Cass County orders company to uninstall 50,000 feet of cable from right-of-way near Horace

Town, schools were hoping for the high speed internet

Horace water tower
A recall election is set for Tuesday, March 9, in Horace, N.D. Forum file photo

FARGO — An Ellendale-based communications company has been ordered by Cass County commissioners to remove about 50,000 feet of already installed fiber optic cable and stop any further work along County Road 17 between West Fargo and Horace.

In a more than hourlong meeting on Monday, Aug. 16, company executives pleaded their case and said it was a matter of miscommunication, but Cass County Engineer Jason Benson said Dickey Rural Network/ReadiTech "ran roughshod in our utility corridor."

The main issue was that they laid a good portion of the cable in the bottom of the ditch in the county's right-of-way along the road which is against county regulations. Using the right-of-way can cause drainage difficulties and hinder future roadway expansion projects such as widening of roadways and adding storm and sanitary sewers.

Benson said there are plans to replace the Sheyenne River bridge to widen 52nd Avenue to the county road roundabout in 2023, and the company has already put in place cable and other infrastructure in that area that would have to be removed.

The company was given a $50 permit to lay the cable on May 5 to bring high speed internet, television and phone offerings to the area, but Benson and other county officials said ReadiTech failed to communicate with the county on numerous occasions and didn't fully explain the size and scope of the project.


On top of laying the cable in the middle of the ditch, they also installed a 14-inch pipe for the cable with room for more, which was a far cry from the 2-inch fiber optic cable they originally said they were putting in place. Benson called it "ramming through a major hub line," as the company is also building a large company headquarters building along the county road just north of the Casey's General Store in Horace.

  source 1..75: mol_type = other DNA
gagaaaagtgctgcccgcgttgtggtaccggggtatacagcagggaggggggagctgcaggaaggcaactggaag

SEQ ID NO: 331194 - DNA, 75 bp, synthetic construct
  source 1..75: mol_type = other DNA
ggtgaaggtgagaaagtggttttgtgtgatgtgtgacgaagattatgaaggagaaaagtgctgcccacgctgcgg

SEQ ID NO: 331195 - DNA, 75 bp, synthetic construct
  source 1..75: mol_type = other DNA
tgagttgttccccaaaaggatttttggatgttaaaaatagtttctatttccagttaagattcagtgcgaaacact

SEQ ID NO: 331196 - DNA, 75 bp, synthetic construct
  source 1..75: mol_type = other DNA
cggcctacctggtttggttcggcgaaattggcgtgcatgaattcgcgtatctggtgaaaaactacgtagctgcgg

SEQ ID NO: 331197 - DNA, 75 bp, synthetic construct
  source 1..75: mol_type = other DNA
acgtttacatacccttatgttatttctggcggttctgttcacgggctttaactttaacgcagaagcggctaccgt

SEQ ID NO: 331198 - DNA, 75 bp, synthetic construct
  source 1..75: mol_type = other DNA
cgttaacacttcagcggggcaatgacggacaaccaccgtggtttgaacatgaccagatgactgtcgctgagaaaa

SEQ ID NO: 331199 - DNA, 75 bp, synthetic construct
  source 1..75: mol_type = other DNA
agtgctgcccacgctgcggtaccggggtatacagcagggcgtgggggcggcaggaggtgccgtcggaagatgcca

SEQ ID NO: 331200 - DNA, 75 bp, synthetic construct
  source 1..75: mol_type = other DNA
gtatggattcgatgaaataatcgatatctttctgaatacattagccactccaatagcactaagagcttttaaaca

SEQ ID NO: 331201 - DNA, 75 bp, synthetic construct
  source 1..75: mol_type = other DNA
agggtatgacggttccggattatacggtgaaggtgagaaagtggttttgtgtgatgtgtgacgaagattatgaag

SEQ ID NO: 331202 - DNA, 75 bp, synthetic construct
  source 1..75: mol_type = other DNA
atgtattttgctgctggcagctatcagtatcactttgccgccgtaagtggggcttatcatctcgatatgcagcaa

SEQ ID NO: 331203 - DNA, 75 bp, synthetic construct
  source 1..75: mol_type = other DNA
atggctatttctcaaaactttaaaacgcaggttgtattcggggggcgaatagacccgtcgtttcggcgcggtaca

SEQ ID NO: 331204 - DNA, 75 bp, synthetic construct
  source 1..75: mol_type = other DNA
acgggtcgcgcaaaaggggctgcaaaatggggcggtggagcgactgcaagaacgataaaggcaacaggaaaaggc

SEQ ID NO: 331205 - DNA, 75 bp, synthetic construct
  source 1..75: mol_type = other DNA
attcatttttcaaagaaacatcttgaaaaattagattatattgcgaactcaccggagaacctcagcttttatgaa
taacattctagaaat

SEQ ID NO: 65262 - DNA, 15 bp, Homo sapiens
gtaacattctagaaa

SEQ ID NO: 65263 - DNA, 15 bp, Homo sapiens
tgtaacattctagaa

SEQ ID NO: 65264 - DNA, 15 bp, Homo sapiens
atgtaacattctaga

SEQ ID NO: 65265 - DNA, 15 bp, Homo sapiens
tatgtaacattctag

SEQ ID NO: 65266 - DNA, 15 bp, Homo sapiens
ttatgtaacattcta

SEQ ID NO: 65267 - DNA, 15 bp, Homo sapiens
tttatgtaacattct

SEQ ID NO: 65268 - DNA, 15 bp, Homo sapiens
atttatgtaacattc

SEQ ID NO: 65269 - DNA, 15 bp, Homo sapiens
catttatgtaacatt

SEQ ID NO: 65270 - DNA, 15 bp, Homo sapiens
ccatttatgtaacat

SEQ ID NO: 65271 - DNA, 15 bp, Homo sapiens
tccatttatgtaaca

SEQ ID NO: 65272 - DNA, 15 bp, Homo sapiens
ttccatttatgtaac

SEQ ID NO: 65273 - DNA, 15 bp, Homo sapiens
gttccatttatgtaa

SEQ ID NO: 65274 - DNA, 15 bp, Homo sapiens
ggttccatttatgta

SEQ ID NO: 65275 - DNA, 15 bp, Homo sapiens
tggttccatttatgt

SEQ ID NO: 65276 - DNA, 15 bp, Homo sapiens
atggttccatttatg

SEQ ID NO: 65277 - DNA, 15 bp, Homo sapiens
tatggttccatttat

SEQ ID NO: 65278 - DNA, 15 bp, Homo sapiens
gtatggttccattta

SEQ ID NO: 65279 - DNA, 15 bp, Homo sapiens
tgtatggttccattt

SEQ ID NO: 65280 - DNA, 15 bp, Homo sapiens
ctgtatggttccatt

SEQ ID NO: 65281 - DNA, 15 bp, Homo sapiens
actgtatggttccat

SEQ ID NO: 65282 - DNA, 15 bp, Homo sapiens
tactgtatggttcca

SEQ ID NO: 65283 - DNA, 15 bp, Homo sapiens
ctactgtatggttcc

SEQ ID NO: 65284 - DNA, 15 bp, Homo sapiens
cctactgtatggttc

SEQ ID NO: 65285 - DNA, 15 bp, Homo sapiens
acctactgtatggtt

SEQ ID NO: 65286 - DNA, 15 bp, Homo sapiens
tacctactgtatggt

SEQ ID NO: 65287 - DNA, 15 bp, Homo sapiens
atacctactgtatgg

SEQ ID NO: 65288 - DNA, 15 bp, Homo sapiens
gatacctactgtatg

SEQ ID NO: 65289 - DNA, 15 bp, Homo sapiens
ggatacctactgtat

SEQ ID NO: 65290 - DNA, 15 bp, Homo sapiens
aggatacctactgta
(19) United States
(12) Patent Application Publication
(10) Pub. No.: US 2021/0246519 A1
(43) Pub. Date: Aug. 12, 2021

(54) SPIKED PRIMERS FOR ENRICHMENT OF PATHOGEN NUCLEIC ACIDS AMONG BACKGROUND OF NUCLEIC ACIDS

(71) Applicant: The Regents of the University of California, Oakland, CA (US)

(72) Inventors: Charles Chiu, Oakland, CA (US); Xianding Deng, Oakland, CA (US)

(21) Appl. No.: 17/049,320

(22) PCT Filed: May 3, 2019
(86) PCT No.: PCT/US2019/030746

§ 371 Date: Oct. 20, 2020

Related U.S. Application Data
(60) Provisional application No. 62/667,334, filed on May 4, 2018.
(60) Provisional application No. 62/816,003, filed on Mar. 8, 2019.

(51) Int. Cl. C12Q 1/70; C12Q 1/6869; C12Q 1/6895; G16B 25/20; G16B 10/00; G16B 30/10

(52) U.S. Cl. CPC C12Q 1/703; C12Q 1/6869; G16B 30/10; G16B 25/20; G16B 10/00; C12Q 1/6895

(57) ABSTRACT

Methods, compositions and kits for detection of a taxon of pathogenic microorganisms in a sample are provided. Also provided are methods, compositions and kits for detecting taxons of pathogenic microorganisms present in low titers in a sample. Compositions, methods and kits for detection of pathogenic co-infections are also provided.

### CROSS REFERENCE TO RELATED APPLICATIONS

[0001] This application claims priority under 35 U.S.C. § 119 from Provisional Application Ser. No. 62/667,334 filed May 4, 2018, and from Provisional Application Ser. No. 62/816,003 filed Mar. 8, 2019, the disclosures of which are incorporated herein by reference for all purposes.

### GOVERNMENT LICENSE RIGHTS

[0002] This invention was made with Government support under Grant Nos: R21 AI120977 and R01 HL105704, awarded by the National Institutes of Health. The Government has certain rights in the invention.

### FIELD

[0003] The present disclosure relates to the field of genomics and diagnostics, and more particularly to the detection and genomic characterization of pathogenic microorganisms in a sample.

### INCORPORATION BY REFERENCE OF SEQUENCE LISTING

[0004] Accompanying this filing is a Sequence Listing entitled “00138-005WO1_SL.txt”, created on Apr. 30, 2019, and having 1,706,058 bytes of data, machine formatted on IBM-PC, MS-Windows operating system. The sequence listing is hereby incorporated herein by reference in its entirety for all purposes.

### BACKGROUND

Originally, Benson said, it was the county's understanding that ReadiTech would get private easements to carry most of the cable rather than using the right-of-way, which he said is already packed with other utilities.

Commissioners seemed flabbergasted with some of the details and suggested trying to find a different solution as ReadiTech said they were investing about $4 million in the project.

Not only that, but the company's CEO and General Manager Kent Schimke said they already connected the line to the newly built Horace Elementary and Horace High School near the roadway.

Horace Mayor Kory Peterson said the growing town was "all for" the project to provide faster internet and other communications services.

"We're not in favor of removing the cable," Peterson said. "We think of it as a game-changer for our town and the new schools."

Commissioner Rick Steen asked if there could be a different fix as he and Commission Chairman Chad Peterson were concerned about the loss to Horace, the schools and the company.

Benson said it would set a "bad precedent" if they allowed the cable to stay in place, as other utilities could then also use the right-of-way as they please and apologize later.


"It would be like giving permission and then asking for forgiveness afterwards," Benson said.

Commissioner Jim Kapitan agreed, adding, "This outfit ignored all of the rules."

Despite passing the motion to stop all construction and have the cable removed, the board agreed to seek out other options, such as relocating most of the cable out of the bottom of the ditch to the outside of the ditch, obtaining private easements or perhaps leaving it in place in a few locations.

After the meeting, Benson said he would have a teleconference with the company executives in the coming days to see if there were any possible solutions.

However, the motion called for the cable to be removed "promptly."

ReadiTech is building a fiber optic broadband network for Casselton, Horace and Mapleton. Pictured are ReadiTech's offices in Casselton on July 27, 2021. David Samson / The Forum

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